In late August, Ganesh Kharel, editor and publisher of Janasaugat Weekly and a member of the Federation of Nepalese Journalists (FNJ), complained that, for over a week, he received continuous threats. The perpetrator, Baba Khan, an alleged member of the TNLA, warned the journalist that he would take physical action if the publication of the weekly in the Nepali language continued.

Four school teachers were implicated in an attack on 23 August. The group, led by Ishwor Anshu Magar, chairman of a local Annapurna school management committee, walked into the offices of Anamolmani Weekly and attacked journalists Milan Kumar Raut, Dipendra Timsina, Mohan Bhattarai and Rohit Ghimire, in connection with satirical material published during the Gaijatra festival. According to FNJ, Nepalese journalism tradition allows journalists to distribute satirical material once a year, in a special edition published during the festival.
Another attack perpetrated by a school official took place on 3 August. The dean of Dadeldhura Education College, Arjun Basnet, attacked Lokesh Saud, correspondent for the National News Agency (RSS) and co-editor of the Adarsha Weekly. Saud was manhandled by the dean for not having asked permission to enter the college's premises while gathering information relating to its educational activities.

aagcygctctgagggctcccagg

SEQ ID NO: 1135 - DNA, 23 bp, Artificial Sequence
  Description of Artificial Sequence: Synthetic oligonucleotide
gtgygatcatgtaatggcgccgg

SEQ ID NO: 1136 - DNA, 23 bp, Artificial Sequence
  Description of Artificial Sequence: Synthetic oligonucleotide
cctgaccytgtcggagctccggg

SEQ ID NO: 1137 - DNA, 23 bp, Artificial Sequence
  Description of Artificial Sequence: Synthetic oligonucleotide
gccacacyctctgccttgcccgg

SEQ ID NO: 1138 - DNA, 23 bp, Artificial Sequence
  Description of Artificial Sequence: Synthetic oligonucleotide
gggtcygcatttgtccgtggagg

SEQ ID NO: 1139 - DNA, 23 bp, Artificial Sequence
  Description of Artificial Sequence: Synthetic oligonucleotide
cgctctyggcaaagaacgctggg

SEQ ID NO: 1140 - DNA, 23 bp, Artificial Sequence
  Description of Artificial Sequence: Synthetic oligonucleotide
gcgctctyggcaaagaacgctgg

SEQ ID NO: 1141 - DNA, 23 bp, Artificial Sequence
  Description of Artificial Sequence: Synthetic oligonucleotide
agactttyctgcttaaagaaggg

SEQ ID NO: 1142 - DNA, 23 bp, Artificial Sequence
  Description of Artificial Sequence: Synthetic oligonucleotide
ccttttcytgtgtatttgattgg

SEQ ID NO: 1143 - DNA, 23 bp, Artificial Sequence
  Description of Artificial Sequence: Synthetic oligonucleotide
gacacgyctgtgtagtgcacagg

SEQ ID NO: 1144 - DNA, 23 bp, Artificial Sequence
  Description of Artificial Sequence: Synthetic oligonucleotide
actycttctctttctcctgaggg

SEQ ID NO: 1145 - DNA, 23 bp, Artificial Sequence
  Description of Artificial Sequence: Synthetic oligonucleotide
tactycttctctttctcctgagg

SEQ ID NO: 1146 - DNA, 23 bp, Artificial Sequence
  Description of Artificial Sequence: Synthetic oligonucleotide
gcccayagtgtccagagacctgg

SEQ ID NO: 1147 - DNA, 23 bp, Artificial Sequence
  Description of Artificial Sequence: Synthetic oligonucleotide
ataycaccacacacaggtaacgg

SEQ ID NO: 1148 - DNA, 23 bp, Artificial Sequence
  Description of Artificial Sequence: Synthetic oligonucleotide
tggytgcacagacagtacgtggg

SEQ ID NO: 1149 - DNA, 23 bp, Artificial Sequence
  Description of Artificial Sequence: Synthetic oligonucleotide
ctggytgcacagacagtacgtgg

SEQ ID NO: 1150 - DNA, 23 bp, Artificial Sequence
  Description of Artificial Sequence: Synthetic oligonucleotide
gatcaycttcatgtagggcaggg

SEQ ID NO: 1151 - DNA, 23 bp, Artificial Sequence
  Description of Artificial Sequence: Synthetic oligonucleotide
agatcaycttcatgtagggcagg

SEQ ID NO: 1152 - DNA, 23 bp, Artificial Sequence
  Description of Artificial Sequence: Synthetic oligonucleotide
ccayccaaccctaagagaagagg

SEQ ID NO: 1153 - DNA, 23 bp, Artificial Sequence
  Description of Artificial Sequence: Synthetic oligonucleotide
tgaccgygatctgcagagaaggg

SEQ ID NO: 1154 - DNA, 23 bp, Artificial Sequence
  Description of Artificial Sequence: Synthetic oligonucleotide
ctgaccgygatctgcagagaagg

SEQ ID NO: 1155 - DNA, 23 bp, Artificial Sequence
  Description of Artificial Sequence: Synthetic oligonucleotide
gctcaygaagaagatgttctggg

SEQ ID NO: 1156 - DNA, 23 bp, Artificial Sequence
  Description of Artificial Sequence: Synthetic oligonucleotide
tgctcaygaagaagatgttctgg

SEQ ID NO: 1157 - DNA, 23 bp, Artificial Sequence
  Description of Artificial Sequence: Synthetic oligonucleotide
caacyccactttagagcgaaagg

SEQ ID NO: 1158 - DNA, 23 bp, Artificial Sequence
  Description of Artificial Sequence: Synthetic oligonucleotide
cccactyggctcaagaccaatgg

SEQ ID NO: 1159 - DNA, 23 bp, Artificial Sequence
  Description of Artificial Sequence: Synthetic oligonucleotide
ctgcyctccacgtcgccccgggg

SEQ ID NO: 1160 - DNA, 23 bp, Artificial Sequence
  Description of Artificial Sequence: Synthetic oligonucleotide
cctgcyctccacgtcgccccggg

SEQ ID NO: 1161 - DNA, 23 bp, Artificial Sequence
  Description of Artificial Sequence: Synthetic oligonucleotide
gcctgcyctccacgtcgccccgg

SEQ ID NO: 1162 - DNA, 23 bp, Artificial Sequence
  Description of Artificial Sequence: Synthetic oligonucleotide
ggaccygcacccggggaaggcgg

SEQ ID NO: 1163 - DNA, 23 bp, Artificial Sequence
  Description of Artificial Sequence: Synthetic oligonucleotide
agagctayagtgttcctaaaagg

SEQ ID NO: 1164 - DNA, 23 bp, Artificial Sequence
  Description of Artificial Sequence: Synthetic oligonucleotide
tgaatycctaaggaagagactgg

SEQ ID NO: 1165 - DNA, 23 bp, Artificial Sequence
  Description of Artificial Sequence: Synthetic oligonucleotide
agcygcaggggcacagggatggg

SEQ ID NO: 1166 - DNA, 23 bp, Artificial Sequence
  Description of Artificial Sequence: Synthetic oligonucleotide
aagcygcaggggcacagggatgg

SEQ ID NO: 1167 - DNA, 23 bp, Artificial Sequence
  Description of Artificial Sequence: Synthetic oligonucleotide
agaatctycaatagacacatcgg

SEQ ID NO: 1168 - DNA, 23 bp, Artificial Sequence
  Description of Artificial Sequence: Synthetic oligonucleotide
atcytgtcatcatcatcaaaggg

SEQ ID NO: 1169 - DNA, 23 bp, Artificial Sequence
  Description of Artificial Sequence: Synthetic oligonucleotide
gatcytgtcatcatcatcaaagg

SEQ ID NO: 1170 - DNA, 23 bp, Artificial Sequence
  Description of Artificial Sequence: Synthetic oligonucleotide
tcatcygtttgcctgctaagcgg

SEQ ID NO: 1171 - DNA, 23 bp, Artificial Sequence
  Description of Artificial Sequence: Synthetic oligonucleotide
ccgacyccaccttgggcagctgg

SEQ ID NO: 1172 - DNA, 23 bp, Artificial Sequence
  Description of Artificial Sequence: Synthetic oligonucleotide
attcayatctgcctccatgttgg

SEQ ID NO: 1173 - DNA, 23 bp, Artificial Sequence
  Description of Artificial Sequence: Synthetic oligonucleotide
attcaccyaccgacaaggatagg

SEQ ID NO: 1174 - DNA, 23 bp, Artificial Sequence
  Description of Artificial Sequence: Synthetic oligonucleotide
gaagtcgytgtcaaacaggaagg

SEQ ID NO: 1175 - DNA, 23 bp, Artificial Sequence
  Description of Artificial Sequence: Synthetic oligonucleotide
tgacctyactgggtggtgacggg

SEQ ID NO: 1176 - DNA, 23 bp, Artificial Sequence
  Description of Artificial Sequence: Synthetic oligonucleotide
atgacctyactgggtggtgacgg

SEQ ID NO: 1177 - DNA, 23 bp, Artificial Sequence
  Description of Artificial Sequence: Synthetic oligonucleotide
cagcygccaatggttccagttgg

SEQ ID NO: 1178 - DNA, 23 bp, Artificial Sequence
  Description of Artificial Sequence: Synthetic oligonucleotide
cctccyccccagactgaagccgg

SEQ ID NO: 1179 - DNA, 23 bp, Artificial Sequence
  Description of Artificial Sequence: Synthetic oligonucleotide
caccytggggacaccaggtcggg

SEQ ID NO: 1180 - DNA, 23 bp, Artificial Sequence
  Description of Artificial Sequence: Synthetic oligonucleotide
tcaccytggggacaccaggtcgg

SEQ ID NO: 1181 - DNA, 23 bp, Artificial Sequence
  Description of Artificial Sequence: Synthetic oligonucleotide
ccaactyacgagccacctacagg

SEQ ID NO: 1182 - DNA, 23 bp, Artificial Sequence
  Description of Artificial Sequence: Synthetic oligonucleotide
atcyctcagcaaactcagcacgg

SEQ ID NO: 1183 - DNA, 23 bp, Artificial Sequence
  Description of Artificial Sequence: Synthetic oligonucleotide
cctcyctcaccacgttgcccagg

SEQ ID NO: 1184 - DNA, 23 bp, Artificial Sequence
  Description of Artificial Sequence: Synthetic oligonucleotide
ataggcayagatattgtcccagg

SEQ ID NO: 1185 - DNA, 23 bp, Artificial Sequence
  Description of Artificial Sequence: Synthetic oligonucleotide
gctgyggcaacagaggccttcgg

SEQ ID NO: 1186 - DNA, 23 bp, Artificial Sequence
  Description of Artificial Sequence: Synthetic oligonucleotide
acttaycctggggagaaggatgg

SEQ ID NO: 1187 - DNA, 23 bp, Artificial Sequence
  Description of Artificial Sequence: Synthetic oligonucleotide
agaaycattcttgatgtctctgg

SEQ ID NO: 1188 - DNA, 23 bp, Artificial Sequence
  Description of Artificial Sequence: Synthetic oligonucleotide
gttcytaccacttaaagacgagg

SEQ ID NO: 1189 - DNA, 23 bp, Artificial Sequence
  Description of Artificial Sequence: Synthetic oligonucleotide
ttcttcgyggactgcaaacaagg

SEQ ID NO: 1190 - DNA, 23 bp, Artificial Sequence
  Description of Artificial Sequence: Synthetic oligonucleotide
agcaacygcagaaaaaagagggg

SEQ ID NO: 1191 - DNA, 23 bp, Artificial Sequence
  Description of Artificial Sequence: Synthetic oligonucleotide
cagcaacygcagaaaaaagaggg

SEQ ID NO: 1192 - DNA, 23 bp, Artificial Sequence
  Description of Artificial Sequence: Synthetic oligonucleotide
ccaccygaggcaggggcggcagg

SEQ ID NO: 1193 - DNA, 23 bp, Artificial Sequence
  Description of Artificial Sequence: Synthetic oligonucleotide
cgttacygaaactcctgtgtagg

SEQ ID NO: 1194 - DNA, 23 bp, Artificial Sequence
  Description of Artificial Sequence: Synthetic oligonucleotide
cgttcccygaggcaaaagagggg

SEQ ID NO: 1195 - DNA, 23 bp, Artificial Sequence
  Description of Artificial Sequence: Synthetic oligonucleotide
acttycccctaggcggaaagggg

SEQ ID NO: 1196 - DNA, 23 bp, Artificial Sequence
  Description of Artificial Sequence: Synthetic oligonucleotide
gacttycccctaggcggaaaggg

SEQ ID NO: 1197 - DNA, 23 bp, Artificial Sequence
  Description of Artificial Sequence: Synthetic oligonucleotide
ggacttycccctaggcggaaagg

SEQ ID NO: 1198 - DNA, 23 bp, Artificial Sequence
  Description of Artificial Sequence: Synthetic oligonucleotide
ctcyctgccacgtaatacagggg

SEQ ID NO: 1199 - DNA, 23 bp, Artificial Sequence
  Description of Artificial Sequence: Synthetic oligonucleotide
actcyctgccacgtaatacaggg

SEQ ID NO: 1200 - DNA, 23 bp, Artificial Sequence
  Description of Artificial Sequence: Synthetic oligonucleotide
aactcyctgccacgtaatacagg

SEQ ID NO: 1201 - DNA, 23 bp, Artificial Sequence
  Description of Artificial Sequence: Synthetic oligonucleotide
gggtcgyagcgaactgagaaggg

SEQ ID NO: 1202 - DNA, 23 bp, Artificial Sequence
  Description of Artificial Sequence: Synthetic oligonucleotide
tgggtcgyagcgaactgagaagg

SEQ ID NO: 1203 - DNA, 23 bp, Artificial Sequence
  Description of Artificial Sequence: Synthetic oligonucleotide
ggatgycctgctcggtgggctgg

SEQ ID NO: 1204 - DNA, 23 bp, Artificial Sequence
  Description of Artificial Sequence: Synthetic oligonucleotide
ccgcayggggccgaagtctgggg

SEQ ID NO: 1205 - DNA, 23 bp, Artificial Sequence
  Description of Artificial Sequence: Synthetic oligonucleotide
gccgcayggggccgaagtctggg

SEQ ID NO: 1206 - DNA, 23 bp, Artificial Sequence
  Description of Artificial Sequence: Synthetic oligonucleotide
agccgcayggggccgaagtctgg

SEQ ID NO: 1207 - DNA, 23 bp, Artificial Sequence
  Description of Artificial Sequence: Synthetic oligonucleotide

Throughout August, members of the police illegally detained a total of 59 journalists on four different occasions. They also assaulted three photojournalists. On 14 August, photojournalist Sabin Tuladhar, with the Gorkhapatra Corporation, the government-owned publisher of the dailies Gorkhapatra and The Rising Nepal," Sundar Shrestha, with the national daily "Samacharpatra," and Sunil Pradhan, of the weekly Rajdhani, tried to take photos of protesting Tibetans in front of the Chinese embassy when they were attacked and heavily beaten by security personnel. The incident ended only when police inspectors Anupam Rana and Ramesh Thapa intervened. The victims were later informed that one of the policemen allegedly mistook Sunder for a protestor.